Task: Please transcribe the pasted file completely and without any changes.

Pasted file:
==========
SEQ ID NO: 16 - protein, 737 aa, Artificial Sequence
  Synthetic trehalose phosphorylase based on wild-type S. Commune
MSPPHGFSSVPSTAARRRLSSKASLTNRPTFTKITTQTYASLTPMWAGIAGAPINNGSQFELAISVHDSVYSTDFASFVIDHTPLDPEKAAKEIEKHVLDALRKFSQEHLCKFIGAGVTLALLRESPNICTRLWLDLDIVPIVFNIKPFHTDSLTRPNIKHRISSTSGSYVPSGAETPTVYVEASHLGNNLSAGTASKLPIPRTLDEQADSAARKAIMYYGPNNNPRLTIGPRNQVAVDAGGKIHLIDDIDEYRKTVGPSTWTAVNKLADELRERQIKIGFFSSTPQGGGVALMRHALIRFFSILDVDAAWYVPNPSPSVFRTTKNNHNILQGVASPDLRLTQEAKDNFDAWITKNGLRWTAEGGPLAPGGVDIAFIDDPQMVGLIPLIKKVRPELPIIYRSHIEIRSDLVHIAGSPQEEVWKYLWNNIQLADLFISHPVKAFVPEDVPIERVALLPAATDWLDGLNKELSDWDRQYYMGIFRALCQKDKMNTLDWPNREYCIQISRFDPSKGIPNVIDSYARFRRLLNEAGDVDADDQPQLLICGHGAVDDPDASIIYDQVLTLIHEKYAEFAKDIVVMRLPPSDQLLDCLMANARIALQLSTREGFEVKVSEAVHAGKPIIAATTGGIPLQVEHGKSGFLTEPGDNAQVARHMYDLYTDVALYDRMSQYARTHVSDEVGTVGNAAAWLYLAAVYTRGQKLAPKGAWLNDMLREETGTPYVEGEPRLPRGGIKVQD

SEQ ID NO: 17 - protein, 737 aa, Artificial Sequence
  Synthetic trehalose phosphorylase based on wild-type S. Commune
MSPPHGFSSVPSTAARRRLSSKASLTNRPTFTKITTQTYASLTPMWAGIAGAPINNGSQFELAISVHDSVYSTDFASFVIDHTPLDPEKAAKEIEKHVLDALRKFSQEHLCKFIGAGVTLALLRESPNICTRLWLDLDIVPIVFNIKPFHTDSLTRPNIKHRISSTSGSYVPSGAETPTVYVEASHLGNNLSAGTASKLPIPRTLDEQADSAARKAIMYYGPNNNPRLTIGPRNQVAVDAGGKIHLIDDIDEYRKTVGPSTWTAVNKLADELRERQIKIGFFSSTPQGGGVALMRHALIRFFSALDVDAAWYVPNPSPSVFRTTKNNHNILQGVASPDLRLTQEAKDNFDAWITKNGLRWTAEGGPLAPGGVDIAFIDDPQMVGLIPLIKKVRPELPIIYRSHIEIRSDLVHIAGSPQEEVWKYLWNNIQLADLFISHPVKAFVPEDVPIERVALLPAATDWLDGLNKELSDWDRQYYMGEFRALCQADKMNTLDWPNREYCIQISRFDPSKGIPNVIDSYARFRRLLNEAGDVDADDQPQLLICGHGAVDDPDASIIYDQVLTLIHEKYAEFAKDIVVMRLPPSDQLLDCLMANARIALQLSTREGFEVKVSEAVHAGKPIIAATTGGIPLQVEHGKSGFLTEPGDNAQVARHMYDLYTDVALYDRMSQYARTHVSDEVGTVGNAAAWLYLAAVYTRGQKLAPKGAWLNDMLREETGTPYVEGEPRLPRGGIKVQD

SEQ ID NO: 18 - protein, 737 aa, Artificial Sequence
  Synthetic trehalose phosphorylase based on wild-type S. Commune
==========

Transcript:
SEQ ID NO: 16 - protein, 737 aa, Artificial Sequence
  Synthetic trehalose phosphorylase based on wild-type S. Commune
MSPPHGFSSVPSTAARRRLSSKASLTNRPTFTKITTQTYASLTPMWAGIAGAPINNGSQFELAISVHDSVYSTDFASFVIDHTPLDPEKAAKEIEKHVLDALRKFSQEHLCKFIGAGVTLALLRESPNICTRLWLDLDIVPIVFNIKPFHTDSLTRPNIKHRISSTSGSYVPSGAETPTVYVEASHLGNNLSAGTASKLPIPRTLDEQADSAARKAIMYYGPNNNPRLTIGPRNQVAVDAGGKIHLIDDIDEYRKTVGPSTWTAVNKLADELRERQIKIGFFSSTPQGGGVALMRHALIRFFSILDVDAAWYVPNPSPSVFRTTKNNHNILQGVASPDLRLTQEAKDNFDAWITKNGLRWTAEGGPLAPGGVDIAFIDDPQMVGLIPLIKKVRPELPIIYRSHIEIRSDLVHIAGSPQEEVWKYLWNNIQLADLFISHPVKAFVPEDVPIERVALLPAATDWLDGLNKELSDWDRQYYMGIFRALCQKDKMNTLDWPNREYCIQISRFDPSKGIPNVIDSYARFRRLLNEAGDVDADDQPQLLICGHGAVDDPDASIIYDQVLTLIHEKYAEFAKDIVVMRLPPSDQLLDCLMANARIALQLSTREGFEVKVSEAVHAGKPIIAATTGGIPLQVEHGKSGFLTEPGDNAQVARHMYDLYTDVALYDRMSQYARTHVSDEVGTVGNAAAWLYLAAVYTRGQKLAPKGAWLNDMLREETGTPYVEGEPRLPRGGIKVQD

SEQ ID NO: 17 - protein, 737 aa, Artificial Sequence
  Synthetic trehalose phosphorylase based on wild-type S. Commune
MSPPHGFSSVPSTAARRRLSSKASLTNRPTFTKITTQTYASLTPMWAGIAGAPINNGSQFELAISVHDSVYSTDFASFVIDHTPLDPEKAAKEIEKHVLDALRKFSQEHLCKFIGAGVTLALLRESPNICTRLWLDLDIVPIVFNIKPFHTDSLTRPNIKHRISSTSGSYVPSGAETPTVYVEASHLGNNLSAGTASKLPIPRTLDEQADSAARKAIMYYGPNNNPRLTIGPRNQVAVDAGGKIHLIDDIDEYRKTVGPSTWTAVNKLADELRERQIKIGFFSSTPQGGGVALMRHALIRFFSALDVDAAWYVPNPSPSVFRTTKNNHNILQGVASPDLRLTQEAKDNFDAWITKNGLRWTAEGGPLAPGGVDIAFIDDPQMVGLIPLIKKVRPELPIIYRSHIEIRSDLVHIAGSPQEEVWKYLWNNIQLADLFISHPVKAFVPEDVPIERVALLPAATDWLDGLNKELSDWDRQYYMGEFRALCQADKMNTLDWPNREYCIQISRFDPSKGIPNVIDSYARFRRLLNEAGDVDADDQPQLLICGHGAVDDPDASIIYDQVLTLIHEKYAEFAKDIVVMRLPPSDQLLDCLMANARIALQLSTREGFEVKVSEAVHAGKPIIAATTGGIPLQVEHGKSGFLTEPGDNAQVARHMYDLYTDVALYDRMSQYARTHVSDEVGTVGNAAAWLYLAAVYTRGQKLAPKGAWLNDMLREETGTPYVEGEPRLPRGGIKVQD

SEQ ID NO: 18 - protein, 737 aa, Artificial Sequence
  Synthetic trehalose phosphorylase based on wild-type S. Commune